One finds oneself caught between two prejudices in viewing these ongoing sexual harassment scandals. On one hand, we have the cosmopolitan elites who seem to be the chief offenders of lecherous and predatory behavior in and outside of the workplace. On the other hand, we have shameless slutty White females who are seemingly all too eager to offer themselves up as “victims.”
These “victims” cooperate with their assailants to the extent that it will help their careers, and then conveniently come forward with their accusations when it is fashionable to do so. And to point this out is apparently off bounds according to the feminists’ complicated set of moral (double) standards.
Perhaps with journalist and author Mark Halperin, the latest offender, we have something that looks to legitimately qualify as “sexual harassment,” if we are to use that term.
Halperin is admittedly a good writer. His books Game Change and Double Down, inside looks at the 2008 and 2012 presidential campaigns respectively, are good reads. (Joshua Green’s Devil’s Bargain, which focuses on Steve Bannon and the 2016 campaign, is the latest book in this genre, also recommended). Halperin and coauthor Heilemann were somewhat able to keep their leftist bias in check and just report what happened in the campaigns, which adds to the books’ readability for normal, non-leftist Americans.
Now we’ll never get to see HBO’s adapted version of Halperin’s book on the 2016 campaign, which itself might not be released either due to the fallout. It is regrettable that we would lose this documentation of the “God Emperor’s” rise to power. I suppose Halperin now feels the sting of being deplatformed, though I’m afraid despite his pariah status, he still is not quite welcome in the Alt-Right.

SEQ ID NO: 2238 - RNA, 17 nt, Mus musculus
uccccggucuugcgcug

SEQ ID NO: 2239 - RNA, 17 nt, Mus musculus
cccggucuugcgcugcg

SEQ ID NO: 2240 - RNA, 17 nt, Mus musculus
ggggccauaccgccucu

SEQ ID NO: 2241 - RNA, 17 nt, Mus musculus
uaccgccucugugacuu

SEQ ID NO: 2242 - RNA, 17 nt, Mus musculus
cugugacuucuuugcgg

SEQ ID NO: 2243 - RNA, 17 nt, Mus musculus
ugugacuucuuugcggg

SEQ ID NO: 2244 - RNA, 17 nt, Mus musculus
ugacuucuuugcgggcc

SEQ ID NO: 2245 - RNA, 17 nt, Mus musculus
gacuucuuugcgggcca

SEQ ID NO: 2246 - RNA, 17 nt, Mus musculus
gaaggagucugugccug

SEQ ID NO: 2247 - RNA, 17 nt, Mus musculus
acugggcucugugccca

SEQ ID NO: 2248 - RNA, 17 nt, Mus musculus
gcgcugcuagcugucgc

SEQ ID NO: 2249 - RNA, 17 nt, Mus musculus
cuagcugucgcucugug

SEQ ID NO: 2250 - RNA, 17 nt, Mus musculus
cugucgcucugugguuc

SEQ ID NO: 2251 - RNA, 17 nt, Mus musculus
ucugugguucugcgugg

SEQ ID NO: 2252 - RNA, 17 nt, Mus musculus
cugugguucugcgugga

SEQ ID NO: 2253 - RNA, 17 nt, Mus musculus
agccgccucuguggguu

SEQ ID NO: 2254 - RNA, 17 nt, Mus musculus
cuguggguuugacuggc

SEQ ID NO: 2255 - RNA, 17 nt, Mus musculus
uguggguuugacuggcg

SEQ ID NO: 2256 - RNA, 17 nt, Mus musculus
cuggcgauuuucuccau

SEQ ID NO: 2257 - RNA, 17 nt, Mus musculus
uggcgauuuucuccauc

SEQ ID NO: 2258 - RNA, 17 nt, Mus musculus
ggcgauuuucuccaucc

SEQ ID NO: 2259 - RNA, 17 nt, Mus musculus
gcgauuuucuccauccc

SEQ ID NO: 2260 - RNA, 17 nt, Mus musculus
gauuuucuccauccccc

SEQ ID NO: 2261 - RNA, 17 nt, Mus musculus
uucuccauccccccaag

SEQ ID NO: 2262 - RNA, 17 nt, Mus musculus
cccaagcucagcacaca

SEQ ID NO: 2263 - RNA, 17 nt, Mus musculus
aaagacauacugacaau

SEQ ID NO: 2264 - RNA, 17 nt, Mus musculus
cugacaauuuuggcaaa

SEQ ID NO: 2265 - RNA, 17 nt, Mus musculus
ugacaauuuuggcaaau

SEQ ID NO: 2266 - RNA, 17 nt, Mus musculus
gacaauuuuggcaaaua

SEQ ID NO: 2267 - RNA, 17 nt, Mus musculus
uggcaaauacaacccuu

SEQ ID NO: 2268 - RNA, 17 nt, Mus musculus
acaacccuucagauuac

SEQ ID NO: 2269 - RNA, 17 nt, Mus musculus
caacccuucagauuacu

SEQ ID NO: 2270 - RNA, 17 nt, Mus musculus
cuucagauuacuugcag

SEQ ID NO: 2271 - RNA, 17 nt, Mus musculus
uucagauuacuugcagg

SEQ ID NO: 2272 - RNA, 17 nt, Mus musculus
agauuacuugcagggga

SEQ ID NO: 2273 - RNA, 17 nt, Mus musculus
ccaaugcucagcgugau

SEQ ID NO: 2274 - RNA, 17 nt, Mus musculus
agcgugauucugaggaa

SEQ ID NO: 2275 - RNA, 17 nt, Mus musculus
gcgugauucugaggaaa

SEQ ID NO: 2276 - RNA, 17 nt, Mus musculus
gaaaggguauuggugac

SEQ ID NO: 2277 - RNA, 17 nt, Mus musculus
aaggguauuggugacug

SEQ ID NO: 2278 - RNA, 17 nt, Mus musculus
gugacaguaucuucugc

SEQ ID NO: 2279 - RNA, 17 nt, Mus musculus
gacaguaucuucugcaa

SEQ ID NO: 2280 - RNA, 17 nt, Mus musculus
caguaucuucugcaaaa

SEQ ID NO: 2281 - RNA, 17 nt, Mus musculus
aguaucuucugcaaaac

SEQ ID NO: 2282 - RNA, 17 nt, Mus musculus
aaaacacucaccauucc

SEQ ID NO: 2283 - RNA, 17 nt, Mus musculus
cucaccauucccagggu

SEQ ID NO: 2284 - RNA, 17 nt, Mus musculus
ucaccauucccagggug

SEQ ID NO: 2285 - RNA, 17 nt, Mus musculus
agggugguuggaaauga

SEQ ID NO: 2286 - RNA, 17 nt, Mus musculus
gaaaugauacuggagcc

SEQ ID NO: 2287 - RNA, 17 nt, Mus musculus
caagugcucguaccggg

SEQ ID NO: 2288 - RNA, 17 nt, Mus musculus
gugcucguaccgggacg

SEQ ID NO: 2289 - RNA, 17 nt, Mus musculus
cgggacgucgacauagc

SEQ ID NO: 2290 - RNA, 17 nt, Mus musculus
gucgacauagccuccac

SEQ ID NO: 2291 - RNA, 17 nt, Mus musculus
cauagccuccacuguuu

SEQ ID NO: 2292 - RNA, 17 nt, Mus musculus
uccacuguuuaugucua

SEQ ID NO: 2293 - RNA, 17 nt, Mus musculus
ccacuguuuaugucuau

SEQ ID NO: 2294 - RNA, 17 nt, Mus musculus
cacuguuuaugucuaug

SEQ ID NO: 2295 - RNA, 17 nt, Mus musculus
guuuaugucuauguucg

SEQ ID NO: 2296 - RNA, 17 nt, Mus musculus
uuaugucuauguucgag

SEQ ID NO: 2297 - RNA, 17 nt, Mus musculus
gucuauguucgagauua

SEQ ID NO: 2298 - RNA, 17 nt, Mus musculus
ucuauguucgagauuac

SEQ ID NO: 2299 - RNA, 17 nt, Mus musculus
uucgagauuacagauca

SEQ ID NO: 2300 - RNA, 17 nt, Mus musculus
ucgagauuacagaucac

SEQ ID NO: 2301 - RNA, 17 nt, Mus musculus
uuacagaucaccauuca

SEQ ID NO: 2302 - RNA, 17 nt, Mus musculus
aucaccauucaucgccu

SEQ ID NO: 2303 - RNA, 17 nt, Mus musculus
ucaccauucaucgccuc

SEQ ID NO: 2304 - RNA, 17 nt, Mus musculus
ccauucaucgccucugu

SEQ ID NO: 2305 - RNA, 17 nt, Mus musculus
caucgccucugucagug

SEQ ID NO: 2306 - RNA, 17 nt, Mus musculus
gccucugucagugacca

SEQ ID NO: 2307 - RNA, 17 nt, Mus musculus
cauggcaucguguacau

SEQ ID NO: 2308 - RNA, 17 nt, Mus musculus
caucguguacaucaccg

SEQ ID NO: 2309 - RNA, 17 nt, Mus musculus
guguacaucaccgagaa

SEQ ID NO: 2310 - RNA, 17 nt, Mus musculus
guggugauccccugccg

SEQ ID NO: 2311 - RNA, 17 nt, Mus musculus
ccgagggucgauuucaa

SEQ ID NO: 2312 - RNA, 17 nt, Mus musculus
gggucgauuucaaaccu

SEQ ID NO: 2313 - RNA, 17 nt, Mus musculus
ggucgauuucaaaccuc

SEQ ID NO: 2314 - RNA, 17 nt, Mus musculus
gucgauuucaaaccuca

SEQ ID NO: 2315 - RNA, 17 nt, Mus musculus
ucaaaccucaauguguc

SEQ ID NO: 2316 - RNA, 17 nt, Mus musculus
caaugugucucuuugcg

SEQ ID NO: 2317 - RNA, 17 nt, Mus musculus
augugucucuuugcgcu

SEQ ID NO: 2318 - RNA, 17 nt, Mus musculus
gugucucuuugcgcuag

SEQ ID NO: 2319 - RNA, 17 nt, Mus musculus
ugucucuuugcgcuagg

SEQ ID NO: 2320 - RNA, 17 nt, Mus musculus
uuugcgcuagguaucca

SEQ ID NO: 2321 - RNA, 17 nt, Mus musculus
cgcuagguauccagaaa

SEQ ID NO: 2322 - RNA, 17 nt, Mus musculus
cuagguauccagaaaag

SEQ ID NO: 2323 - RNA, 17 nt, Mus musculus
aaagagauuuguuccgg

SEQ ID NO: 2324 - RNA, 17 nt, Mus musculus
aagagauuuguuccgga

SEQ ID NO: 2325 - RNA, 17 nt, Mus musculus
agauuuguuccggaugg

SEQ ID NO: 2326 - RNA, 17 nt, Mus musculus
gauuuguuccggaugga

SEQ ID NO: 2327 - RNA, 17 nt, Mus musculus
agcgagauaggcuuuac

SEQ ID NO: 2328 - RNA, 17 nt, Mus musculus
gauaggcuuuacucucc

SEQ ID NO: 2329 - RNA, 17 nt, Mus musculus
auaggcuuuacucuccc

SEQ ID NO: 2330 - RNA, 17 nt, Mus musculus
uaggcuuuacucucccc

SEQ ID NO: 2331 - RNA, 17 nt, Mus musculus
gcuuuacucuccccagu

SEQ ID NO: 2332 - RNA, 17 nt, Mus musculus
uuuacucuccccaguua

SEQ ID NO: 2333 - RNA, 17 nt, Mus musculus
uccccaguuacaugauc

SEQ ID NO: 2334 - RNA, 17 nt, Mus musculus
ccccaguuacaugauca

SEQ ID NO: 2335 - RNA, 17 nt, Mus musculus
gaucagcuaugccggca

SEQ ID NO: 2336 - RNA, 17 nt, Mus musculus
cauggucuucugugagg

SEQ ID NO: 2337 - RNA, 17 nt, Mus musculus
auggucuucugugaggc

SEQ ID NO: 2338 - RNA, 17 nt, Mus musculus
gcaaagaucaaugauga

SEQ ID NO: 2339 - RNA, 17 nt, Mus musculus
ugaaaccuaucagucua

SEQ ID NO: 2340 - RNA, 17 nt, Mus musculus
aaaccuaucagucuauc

Halperin doesn’t have the usual venom of his compatriots, and before Morning Joe turned into a complete shitshow of shitlibery, he was relatively enjoyable to watch on TV. So do we cheer his downfall, or do we give pause and contemplate how this might redound to White males in the future? After all, as far as the mainstream media is concerned, Halperin is a White male, and these allegations will be seen not specific to Halperin’s powerful ethnic group, but rather as in the larger context of “toxic masculinity.”
Five women accused him of sexually harassing them while he was at ABC. The lecherous 52-year-old offered a sniveling apology, which in this case, was likely warranted:
I now understand from these accounts that my behavior was inappropriate and caused others pain. For that, I am deeply sorry and I apologize. Under the circumstances, I’m going to take a step back from my day-to-day work while I properly deal with this situation.
Note the therapy-culture vibe of his response. He needs to “work on himself.” Weinstein took a similar line. It’s also victim-culture. If the predator can be the victim of some type of mental/emotional disorder which forces one to lunge after young women, why all the better. It’s a tough sell though, honestly.
Companies like NBC and HBO can countenance all manner of hypocrisy, as the boomeranging “Russian collusion” revelations show. But they simply cannot tolerate an employee who somehow abuses one of their victim groups. Women, despite receiving all manner of preferences and, yes, privilege, still hold that cherished victim status. Weinstein and Halperin, therefore, lost their positions summarily. Hence, MSNBC finds the allegations against Halperin “very troubling,” which is corporate/politician-speak for “we have to cover our asses now.”
If the accounts are true, such as Halperin rubbing up against a woman with an erection protruding through his clothes, they are indeed victims of some pretty sick and aggressive behavior. Recalls one alleged victim:
I went up to have a soda and talk and — he just kissed me and grabbed my boobs. I just froze. I didn’t know what to do.
These accounts differ significantly to Weinstein’s victims, in that they were truly in a work environment, not some scumbag director’s hotel room. Here are some women, shitlibs though they may be, just minding their own business working at ABC and this presumptuous broadcaster grabs their boobs. What is going on here?
While the women in the Halperin scandal seem credible, keep in mind these alleged incidents are from his time at ABC ten years ago. This phenomenon of remembering abuse and harassment post-facto is a troubling trend, which will give women seemingly unlimited power to make whimsical allegations moving forward.
So do we side with the after-the-fact victims or the depraved molesters? Tough call.
Follow Malcolm Jaggers @malcolmjaggers